- Do infusion sets refuse to stick to your skin?
- Do they come off when you sweat?
- Does body hair affect how well they stay on?
- Or does your tubing get caught on doorknobs or other objects and get disconnected?
If you are familiar with these problems, the following tips
for making infusion sets stick better can help.
These tips are for everyone
- Start with clean skin. Try to change sets after you shower so the skin is free of oils. Avoid soaps containing skin softeners, because they leave behind oily residues that can make it harder for the infusion set to adhere to the skin.
- Apply a clear, unscented antiperspirant to the area where the set will be placed to prevent any perspiration under the infusion set.
- Swab the skin with a skin preparation product, such as Skin Prep or IV Prep, to remove bacteria and make the skin sticky. Let the skin dry before continuing.
- Try using a dressing such as Tegaderm or IV 3000. Place the dressing directly on the skin and insert the infusion set through the dressing. Or you can apply the dressing on top of the infusion set to help hold it in place. You might also use both methods for extra security. If you place the dressing on top of the set, first cut a hole in it so the set can be disconnected. To cut a hole in the dressing easily, fold the dressing into quarters and then snip off the folded corner.
- Sometimes body hair is a problem, because the infusion set tends to stick better to the hair than to the skin. You can shave the area where the infusion set will be placed. If shaving irritates the skin, simply trim the hair down to stubble.
- Using medical tape is also helpful. You can buy rolls of Hypafix or Transpore from your local pharmacy. Place the tape around the edges of the infusion set to help anchor it in place. You can also apply the tape later should the infusion set tape start to peel back at the corners.
- Michael Robinton, of Insulin-Pumpers.org, recommends using "gorilla snot" to help hold infusion sets in place. Gorilla snot is an old military term for a very sticky liquid. Use tincture of benzoin, Mastisol, or Skin Bond to help hold sets in place. These liquid adhesives are applied to the skin before the tape or infusion set, and work like glue to hold it on the skin. Let the product dry until it is tacky to the touch before placing the tape or infusion set. If it is still a runny liquid, the set will just slide right off the skin. You may need to use an adhesive remover when it¡¯s time to remove the infusion set.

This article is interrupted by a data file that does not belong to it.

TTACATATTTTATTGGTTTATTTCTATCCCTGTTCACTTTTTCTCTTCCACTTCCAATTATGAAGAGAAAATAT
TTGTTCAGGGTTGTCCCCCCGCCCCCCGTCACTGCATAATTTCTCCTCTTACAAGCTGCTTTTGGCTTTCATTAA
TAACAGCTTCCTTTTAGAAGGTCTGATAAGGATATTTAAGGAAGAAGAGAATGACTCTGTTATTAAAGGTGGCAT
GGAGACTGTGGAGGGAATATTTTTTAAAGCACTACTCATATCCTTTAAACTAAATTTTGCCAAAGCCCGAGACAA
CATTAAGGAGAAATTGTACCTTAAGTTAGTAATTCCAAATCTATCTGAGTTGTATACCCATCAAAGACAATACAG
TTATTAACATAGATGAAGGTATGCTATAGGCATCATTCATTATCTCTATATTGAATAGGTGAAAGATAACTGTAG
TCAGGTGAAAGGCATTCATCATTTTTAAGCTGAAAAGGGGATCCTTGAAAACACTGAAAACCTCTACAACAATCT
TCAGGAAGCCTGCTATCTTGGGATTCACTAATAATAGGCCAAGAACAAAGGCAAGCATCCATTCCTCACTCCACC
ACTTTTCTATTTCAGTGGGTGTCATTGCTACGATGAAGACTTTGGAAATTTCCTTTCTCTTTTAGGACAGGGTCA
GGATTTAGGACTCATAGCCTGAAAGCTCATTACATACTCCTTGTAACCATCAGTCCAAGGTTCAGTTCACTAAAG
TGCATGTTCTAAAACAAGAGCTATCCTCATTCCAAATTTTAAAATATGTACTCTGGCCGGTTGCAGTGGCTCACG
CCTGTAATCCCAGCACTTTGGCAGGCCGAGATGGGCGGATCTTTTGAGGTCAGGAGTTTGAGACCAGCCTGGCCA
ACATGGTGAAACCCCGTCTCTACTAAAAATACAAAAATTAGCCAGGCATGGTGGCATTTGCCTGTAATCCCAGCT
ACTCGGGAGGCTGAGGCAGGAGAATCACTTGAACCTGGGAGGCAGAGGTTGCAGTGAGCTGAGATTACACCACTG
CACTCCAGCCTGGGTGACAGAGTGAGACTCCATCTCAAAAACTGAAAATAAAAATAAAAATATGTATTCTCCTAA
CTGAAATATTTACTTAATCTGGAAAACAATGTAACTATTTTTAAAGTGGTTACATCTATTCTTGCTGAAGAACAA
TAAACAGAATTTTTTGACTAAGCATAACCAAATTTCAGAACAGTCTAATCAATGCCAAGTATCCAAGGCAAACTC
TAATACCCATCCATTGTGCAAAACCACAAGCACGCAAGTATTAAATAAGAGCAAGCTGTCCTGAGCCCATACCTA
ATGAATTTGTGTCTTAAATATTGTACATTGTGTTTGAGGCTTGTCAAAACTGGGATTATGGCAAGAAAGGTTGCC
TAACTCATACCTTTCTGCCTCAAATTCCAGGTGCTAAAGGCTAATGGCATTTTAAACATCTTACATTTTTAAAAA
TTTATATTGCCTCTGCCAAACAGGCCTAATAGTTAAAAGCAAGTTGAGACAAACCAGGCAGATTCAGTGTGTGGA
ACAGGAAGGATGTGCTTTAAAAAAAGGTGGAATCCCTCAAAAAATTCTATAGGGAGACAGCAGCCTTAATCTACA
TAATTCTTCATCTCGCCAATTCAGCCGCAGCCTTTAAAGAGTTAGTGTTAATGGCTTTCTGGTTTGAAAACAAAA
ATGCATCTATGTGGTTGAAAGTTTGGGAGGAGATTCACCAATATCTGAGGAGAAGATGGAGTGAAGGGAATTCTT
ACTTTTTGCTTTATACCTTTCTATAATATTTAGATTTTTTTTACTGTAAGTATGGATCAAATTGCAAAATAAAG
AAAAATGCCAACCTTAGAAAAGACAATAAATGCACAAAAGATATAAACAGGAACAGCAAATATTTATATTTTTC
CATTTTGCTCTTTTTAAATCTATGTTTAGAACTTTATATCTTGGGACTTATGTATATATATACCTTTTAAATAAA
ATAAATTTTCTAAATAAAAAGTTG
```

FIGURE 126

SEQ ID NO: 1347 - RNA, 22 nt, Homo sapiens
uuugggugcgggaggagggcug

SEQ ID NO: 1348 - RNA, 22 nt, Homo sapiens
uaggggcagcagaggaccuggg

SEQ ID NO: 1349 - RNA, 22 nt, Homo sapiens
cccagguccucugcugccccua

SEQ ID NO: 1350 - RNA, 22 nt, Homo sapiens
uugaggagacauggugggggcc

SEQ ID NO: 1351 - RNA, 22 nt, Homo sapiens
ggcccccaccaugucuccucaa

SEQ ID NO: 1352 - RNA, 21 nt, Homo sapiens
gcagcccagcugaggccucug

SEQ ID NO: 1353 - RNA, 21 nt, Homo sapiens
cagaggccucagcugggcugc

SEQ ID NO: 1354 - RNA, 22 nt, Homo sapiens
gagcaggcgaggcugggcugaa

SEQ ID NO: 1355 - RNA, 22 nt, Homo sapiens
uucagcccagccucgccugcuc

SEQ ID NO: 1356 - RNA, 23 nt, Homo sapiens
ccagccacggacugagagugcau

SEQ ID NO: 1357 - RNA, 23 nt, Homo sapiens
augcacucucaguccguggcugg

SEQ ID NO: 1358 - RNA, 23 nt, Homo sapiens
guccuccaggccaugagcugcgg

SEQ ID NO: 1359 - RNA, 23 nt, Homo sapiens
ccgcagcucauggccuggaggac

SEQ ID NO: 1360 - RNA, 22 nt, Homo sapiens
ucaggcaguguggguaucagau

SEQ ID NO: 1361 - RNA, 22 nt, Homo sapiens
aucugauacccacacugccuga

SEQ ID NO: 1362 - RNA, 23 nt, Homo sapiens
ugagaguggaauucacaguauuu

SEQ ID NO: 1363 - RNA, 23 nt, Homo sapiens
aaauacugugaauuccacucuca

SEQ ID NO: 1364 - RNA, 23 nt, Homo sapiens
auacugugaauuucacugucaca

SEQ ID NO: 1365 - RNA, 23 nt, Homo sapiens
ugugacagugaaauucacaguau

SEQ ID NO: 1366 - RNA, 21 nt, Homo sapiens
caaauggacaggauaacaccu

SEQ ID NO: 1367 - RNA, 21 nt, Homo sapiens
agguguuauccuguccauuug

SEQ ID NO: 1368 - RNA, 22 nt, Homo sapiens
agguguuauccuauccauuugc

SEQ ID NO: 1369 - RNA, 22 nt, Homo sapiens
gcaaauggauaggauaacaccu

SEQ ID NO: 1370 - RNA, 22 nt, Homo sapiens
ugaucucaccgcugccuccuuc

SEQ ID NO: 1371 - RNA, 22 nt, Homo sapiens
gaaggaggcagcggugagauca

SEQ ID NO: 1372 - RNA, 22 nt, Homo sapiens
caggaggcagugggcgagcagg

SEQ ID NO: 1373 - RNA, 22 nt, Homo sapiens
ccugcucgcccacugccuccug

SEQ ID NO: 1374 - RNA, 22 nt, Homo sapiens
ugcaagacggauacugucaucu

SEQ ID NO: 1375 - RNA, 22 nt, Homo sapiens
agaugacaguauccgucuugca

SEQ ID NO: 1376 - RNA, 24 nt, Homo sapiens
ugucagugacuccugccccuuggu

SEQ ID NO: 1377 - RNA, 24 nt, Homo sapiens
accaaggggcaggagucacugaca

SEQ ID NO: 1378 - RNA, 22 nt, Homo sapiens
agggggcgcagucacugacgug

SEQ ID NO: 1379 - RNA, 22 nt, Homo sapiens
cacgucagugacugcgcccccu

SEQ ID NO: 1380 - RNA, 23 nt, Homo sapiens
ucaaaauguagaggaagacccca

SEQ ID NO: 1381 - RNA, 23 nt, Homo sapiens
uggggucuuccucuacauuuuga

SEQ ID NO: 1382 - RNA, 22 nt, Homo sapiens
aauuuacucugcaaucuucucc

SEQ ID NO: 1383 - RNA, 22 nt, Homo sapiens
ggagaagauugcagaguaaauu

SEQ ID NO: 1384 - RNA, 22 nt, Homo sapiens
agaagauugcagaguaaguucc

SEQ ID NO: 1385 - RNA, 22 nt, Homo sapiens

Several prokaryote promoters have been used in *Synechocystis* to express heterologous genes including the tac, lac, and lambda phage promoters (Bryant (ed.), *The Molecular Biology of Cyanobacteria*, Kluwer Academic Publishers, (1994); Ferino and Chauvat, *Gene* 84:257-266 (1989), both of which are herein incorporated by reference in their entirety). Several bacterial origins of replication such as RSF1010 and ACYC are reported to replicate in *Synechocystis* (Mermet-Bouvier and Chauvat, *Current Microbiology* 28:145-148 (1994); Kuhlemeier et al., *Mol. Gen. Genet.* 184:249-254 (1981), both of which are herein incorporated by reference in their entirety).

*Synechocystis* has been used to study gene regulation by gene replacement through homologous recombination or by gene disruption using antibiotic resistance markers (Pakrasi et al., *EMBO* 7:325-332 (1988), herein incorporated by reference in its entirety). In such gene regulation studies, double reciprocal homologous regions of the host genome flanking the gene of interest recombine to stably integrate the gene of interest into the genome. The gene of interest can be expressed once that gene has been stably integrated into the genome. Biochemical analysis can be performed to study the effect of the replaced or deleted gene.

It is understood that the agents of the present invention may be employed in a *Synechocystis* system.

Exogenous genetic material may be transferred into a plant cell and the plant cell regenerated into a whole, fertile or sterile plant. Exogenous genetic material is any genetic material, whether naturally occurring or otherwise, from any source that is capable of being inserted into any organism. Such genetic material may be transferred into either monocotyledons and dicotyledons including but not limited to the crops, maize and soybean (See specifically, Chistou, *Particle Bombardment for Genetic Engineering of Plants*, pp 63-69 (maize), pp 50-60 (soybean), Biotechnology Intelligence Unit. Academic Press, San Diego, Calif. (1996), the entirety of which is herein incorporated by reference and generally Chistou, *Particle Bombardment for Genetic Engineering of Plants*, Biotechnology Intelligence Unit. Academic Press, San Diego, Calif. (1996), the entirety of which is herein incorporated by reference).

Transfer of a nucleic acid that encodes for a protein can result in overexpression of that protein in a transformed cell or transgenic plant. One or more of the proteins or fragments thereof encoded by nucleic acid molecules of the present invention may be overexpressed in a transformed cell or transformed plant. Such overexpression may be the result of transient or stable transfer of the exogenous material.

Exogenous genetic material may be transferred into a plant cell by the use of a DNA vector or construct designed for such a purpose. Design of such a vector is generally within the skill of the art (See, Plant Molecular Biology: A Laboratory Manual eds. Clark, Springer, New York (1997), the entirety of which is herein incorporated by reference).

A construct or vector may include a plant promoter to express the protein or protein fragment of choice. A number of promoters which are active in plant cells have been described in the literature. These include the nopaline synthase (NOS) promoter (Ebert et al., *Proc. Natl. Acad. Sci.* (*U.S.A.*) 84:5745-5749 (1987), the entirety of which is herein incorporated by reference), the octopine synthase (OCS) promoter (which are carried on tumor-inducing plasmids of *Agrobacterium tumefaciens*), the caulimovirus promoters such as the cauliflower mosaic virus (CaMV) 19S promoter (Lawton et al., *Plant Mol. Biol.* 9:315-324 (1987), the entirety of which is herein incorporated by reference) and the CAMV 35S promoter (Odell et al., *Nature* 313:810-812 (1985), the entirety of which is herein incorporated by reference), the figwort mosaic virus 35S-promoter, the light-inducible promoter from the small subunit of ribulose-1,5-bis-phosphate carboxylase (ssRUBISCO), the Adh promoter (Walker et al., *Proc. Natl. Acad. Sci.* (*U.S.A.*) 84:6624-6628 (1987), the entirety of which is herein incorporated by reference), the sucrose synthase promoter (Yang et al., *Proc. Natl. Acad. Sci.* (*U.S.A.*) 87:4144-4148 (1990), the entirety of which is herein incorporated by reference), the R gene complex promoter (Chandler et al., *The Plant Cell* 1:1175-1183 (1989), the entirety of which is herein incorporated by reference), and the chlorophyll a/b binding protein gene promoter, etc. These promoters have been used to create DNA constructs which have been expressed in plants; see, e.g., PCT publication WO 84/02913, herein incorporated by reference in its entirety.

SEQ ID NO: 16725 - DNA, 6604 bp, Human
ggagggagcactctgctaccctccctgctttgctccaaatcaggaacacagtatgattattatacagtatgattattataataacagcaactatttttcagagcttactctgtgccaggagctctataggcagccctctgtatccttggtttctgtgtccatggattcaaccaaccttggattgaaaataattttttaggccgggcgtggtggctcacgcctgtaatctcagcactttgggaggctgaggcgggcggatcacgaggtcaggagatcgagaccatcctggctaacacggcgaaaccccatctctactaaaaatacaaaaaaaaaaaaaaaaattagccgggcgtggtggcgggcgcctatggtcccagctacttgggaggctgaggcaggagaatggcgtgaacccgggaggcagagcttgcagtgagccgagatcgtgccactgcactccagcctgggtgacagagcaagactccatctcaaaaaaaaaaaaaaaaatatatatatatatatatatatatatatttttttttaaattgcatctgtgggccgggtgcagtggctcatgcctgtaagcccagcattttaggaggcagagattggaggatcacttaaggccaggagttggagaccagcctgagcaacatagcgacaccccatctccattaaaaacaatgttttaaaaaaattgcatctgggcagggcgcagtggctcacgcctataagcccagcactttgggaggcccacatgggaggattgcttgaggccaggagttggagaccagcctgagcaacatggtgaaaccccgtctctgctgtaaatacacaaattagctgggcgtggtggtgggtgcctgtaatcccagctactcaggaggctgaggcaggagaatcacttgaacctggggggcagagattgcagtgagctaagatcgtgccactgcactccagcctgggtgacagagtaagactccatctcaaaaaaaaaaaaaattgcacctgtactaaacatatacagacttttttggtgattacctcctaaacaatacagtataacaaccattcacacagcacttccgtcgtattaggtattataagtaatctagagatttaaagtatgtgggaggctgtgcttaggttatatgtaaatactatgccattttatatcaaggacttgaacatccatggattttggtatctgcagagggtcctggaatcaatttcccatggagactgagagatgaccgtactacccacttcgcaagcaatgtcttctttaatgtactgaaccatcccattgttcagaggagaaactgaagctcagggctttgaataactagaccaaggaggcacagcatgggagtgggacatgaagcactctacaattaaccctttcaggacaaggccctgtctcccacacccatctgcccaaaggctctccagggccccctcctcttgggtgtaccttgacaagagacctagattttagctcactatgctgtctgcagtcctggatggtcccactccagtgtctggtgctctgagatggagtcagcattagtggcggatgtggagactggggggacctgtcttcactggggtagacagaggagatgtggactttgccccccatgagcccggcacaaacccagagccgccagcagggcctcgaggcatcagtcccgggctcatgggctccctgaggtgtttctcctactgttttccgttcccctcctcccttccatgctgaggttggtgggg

- If your tubing is always getting caught on objects and getting disconnected, consider using a safety loop. This is a small section of tubing that is taped to the skin beside the infusion set in a circle or loop. When you catch the tubing on something, it allows an extra inch or two of tubing to unroll before it yanks out the set
Now, What About That 'Goo?'
Now that your infusion set is sticking securely, you have another problem:
How do you get it off?
And how do you remove that “goo” from your skin?
- Use a medical adhesive remover such as Detachol or Unisolve to remove the set and the tape.
- Fingernail polish remover or makeup remover can also be used.
- Baby oil will work, but it’s messy.
- Alcohol wipes will often do the job but require more rubbing on the skin.
- Citrus-based cleaning products such as Goo Gone will remove the sticky stuff
- Leave it to time. After a number of showers, the residue will disappear on its own